The lowest of the three ponds, which is the largest and deepest, is occupied by the fish of three or four years, weighing from one to three pounds. At a recent inspection, a small dip-net, at a single sweep, while the speckled beauties were competing for an award of minced lirer, was seen to rise half filled with a struggling mass of well-grown trout. From this pond a fishway (as shown in the illustration) leads to the brook below, by which many wild trout ascend and fall into a box, from which they are taken and added to the general stock.

Just below the hatching-house, between the first and second ponds, a raceway is adapted to the uses of a fish nursery, and Mr. Robinson has contrived a feeding apparatus which consists of a box, or miniature race. way, in the bottom of which slits of three or four inches in length are cut obliquels through at intervals of a few feet; and through these apertures the food is distributed by a gentle stream of water which is kept constantly flowing through the box. It is curions to observe the young fry, as they frequent the space beneath these apertures, and seize apon every atom of food which falls into the water; ereu (leaning aray the sand and gravel which covers the bottom of the raceway in their competition, in which they imitate the greed and voracity of pigs feeding at a common trough.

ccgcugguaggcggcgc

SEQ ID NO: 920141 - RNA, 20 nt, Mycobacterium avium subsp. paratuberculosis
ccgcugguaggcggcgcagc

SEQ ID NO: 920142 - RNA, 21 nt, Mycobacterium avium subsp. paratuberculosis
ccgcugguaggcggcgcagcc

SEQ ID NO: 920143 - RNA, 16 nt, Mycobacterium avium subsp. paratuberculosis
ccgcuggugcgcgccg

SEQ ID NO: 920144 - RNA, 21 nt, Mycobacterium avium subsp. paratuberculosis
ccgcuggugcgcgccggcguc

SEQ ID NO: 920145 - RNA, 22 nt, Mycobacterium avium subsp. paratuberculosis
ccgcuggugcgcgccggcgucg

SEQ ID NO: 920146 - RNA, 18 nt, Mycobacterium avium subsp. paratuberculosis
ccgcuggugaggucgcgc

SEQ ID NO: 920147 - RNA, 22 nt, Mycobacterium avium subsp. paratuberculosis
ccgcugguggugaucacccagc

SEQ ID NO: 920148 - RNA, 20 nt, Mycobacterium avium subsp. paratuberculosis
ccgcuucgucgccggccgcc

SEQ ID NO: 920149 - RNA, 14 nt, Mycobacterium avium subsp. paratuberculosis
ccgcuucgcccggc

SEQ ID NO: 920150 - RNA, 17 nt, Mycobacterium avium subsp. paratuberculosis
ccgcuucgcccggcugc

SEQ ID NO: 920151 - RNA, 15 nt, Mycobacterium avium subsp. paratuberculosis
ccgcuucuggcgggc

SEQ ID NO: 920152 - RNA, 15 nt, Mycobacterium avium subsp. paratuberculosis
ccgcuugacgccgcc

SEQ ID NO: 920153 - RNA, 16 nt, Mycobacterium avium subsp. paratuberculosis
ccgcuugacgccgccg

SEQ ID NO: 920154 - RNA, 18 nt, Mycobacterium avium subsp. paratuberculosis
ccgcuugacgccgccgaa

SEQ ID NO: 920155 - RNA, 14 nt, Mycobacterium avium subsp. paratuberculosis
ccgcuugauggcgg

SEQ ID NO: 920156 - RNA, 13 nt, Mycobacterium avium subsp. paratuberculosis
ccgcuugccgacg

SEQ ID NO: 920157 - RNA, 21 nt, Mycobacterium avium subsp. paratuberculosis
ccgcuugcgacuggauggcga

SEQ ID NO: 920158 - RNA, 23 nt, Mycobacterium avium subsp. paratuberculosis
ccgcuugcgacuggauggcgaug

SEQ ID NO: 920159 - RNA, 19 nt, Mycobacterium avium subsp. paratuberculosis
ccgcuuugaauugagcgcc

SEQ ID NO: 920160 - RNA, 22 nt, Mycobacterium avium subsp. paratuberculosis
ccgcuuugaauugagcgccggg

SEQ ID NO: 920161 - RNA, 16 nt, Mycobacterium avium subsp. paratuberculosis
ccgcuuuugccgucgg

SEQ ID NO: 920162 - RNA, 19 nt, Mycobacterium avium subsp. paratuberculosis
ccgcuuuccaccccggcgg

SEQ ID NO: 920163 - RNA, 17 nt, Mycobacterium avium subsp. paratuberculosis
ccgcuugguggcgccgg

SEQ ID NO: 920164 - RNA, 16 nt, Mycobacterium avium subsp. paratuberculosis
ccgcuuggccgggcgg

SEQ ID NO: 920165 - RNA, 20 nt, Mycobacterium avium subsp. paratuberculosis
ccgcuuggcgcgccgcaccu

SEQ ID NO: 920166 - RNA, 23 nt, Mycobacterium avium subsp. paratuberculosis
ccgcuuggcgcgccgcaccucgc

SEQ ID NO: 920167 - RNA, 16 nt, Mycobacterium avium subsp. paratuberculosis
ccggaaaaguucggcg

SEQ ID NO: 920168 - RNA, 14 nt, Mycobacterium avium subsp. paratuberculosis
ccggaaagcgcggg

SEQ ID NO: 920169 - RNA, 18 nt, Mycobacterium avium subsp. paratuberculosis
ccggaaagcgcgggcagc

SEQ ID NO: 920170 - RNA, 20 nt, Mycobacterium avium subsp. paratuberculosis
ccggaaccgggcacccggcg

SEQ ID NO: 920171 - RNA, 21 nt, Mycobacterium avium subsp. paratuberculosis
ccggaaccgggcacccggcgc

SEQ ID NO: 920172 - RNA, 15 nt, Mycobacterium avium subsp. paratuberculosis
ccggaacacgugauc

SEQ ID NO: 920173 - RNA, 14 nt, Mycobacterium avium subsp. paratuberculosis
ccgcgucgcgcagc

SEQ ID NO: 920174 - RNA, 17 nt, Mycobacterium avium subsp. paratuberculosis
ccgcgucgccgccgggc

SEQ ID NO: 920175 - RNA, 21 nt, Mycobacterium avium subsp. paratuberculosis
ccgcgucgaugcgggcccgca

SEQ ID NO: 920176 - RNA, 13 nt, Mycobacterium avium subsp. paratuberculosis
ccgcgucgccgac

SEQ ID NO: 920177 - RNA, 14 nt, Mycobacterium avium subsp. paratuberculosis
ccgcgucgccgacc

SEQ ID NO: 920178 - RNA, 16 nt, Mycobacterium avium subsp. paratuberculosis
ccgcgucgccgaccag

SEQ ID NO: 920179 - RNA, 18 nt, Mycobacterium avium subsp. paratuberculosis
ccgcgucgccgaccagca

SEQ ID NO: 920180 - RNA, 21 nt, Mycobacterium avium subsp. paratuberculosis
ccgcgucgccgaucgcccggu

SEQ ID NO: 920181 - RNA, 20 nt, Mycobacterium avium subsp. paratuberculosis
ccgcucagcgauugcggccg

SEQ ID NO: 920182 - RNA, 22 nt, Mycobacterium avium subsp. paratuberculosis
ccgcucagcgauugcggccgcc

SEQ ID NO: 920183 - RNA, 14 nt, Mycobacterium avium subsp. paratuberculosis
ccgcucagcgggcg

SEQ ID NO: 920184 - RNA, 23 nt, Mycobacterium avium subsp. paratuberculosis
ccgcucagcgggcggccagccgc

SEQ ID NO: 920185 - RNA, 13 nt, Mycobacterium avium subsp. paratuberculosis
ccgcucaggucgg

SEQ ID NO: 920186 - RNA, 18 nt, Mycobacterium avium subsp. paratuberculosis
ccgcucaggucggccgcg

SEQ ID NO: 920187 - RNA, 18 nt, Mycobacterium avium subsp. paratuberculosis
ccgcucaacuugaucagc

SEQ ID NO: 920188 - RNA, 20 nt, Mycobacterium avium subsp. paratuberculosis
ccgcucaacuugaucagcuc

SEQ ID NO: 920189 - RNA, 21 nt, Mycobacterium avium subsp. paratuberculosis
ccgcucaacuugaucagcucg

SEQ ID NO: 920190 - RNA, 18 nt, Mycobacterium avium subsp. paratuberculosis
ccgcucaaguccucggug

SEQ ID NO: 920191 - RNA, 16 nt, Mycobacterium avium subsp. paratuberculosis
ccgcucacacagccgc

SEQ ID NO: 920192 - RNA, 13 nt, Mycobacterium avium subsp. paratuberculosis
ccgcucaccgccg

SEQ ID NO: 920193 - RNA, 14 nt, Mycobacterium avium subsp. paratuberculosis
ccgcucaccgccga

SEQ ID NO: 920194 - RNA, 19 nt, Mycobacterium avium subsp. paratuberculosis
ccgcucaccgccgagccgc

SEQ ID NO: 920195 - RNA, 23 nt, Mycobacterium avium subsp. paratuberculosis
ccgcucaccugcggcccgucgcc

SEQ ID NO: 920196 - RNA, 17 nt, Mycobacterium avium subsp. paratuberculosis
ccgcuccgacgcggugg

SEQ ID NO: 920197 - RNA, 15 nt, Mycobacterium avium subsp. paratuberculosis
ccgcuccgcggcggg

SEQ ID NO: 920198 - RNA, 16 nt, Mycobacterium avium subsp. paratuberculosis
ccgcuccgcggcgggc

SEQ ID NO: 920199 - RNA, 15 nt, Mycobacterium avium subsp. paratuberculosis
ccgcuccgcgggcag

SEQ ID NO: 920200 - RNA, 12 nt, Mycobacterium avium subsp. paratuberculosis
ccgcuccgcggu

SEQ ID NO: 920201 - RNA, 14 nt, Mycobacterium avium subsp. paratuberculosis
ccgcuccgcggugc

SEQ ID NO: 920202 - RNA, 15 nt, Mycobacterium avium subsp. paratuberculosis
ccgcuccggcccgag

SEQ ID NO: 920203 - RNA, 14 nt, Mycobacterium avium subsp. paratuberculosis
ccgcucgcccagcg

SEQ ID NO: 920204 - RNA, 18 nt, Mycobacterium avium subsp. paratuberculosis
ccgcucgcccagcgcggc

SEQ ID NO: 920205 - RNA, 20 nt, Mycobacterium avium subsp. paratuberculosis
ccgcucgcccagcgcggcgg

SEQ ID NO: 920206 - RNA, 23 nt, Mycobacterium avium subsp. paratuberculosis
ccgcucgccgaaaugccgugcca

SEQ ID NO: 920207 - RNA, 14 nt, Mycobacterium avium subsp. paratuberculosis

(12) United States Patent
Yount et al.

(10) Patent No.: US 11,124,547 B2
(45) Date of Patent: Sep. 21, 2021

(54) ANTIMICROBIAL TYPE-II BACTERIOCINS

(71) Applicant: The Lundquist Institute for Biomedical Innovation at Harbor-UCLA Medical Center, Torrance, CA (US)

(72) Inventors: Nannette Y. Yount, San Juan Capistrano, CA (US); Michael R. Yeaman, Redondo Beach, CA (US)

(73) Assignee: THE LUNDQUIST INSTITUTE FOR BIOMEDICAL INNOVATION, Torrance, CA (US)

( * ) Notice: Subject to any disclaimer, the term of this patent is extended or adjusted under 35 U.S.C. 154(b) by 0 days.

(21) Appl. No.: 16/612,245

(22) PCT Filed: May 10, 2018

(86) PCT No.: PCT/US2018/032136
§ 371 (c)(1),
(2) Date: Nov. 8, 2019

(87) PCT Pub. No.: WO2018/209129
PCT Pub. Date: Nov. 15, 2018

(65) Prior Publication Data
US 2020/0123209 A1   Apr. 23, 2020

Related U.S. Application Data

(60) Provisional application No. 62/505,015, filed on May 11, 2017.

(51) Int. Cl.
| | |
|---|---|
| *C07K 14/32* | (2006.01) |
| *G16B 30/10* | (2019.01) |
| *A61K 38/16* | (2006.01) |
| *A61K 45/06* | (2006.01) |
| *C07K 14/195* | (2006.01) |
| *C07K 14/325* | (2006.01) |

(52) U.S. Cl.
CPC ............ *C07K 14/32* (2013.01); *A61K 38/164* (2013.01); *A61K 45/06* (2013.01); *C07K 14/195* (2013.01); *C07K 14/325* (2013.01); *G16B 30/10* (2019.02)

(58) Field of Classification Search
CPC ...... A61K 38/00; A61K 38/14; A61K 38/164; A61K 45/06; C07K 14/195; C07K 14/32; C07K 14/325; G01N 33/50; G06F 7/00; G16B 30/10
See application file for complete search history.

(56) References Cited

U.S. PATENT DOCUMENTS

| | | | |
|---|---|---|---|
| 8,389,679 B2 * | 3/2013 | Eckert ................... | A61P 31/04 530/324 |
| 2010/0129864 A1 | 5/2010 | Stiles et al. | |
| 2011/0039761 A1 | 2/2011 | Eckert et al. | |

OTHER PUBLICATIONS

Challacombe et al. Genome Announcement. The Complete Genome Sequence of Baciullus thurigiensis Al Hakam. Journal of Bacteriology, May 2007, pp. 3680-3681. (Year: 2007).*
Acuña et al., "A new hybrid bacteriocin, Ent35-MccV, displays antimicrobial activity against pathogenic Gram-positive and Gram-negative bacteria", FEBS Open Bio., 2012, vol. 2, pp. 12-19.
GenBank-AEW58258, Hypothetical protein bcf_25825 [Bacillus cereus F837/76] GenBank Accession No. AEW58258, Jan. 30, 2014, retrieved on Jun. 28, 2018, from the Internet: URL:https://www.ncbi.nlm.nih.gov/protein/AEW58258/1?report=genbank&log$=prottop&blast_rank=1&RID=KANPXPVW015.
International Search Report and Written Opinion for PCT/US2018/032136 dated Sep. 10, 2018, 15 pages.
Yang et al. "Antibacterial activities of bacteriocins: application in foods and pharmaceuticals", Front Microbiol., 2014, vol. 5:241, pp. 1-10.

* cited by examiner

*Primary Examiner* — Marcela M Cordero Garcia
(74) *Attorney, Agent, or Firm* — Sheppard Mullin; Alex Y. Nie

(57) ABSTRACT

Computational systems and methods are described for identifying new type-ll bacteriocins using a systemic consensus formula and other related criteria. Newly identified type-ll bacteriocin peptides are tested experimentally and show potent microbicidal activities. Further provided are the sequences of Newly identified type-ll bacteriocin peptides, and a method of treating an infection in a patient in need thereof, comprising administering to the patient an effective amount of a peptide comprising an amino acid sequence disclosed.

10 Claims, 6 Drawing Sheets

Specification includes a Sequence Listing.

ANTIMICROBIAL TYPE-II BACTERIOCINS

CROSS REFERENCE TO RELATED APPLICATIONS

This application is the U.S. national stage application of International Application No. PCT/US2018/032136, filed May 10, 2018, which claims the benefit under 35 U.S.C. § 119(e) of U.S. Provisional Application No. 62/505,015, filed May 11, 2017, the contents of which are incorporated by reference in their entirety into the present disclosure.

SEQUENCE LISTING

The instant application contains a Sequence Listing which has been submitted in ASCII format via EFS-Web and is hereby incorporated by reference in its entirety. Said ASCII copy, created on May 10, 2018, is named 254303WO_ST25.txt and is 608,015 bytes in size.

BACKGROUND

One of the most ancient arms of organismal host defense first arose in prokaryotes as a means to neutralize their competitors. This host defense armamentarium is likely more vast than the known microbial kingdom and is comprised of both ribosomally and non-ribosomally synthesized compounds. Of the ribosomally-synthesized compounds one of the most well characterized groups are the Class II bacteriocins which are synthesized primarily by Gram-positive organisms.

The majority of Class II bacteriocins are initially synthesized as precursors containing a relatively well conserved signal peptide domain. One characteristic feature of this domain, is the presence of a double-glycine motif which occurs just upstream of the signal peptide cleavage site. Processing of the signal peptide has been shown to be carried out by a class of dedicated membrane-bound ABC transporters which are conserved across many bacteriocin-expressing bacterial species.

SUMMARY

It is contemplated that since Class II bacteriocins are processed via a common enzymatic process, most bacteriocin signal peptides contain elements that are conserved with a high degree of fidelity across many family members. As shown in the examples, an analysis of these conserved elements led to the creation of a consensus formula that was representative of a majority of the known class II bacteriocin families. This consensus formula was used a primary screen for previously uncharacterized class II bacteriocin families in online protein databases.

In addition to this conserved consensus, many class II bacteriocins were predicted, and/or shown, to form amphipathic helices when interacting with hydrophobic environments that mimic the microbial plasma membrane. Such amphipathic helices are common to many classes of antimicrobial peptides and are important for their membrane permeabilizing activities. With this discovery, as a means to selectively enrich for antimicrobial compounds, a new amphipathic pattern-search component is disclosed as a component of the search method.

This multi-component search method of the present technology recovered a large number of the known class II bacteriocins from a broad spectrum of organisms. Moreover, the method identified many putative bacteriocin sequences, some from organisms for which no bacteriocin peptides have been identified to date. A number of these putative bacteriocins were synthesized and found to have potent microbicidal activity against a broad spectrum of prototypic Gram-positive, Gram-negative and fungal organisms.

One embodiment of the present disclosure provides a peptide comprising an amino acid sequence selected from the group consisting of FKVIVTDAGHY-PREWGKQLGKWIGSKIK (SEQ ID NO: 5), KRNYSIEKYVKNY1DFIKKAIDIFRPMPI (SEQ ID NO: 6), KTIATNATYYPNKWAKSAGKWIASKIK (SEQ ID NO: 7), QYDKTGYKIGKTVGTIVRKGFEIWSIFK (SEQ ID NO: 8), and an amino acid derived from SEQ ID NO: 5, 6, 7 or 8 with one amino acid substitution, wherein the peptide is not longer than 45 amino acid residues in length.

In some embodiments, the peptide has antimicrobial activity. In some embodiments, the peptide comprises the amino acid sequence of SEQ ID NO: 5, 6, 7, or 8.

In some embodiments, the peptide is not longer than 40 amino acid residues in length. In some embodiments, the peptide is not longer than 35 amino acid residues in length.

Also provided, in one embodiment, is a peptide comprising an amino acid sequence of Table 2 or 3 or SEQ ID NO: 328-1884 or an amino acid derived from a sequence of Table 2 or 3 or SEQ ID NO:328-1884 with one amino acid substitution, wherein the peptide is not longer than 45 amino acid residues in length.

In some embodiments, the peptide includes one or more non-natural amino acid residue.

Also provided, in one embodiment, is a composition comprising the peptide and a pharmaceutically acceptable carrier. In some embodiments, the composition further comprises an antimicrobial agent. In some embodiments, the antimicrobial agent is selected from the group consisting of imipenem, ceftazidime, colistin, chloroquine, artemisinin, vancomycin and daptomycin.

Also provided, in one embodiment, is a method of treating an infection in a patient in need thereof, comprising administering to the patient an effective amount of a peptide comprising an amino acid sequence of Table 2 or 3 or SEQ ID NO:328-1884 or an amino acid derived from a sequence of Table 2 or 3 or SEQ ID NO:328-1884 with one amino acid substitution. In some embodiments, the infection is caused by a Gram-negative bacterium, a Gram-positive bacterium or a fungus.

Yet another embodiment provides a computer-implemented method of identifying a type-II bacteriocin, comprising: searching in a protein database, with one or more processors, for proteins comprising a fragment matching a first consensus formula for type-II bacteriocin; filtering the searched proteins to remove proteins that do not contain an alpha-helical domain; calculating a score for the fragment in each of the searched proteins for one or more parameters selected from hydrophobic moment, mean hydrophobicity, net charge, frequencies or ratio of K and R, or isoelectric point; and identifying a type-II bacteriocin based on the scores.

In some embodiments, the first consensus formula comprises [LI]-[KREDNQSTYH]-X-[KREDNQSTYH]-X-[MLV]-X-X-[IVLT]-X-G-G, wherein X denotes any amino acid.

Another feature of their establishment is the preparation of artificial spawning beds, in which the trout may deposit their ova naturally. They consist of ir series of screens, the lower one with very fine meshes, the upper with coarser ones covered with clean gravel or small stones. Upon the latter the parent fish make their nests in the spawning season, the female expressing the ova, and the male throwing the milt, just as they are accustomed to work in the natural stream; and the fertilized spawn, falling through the first screen, rests securely upon the second or lower, which is removed to the hatching-house to be watched and waited upon until the hour of hatching arrives.

In 1867 there were hatched here, 10,000 brook trout, 40,000 lake trout, and 5,000 salmon; in 1869, (hatched or eggs sold.) 100,000 brook trout and 46,000 salmon. There are now 20,000 breeding trout in the ponds, from which 1,000,000 small.fry are expected another season,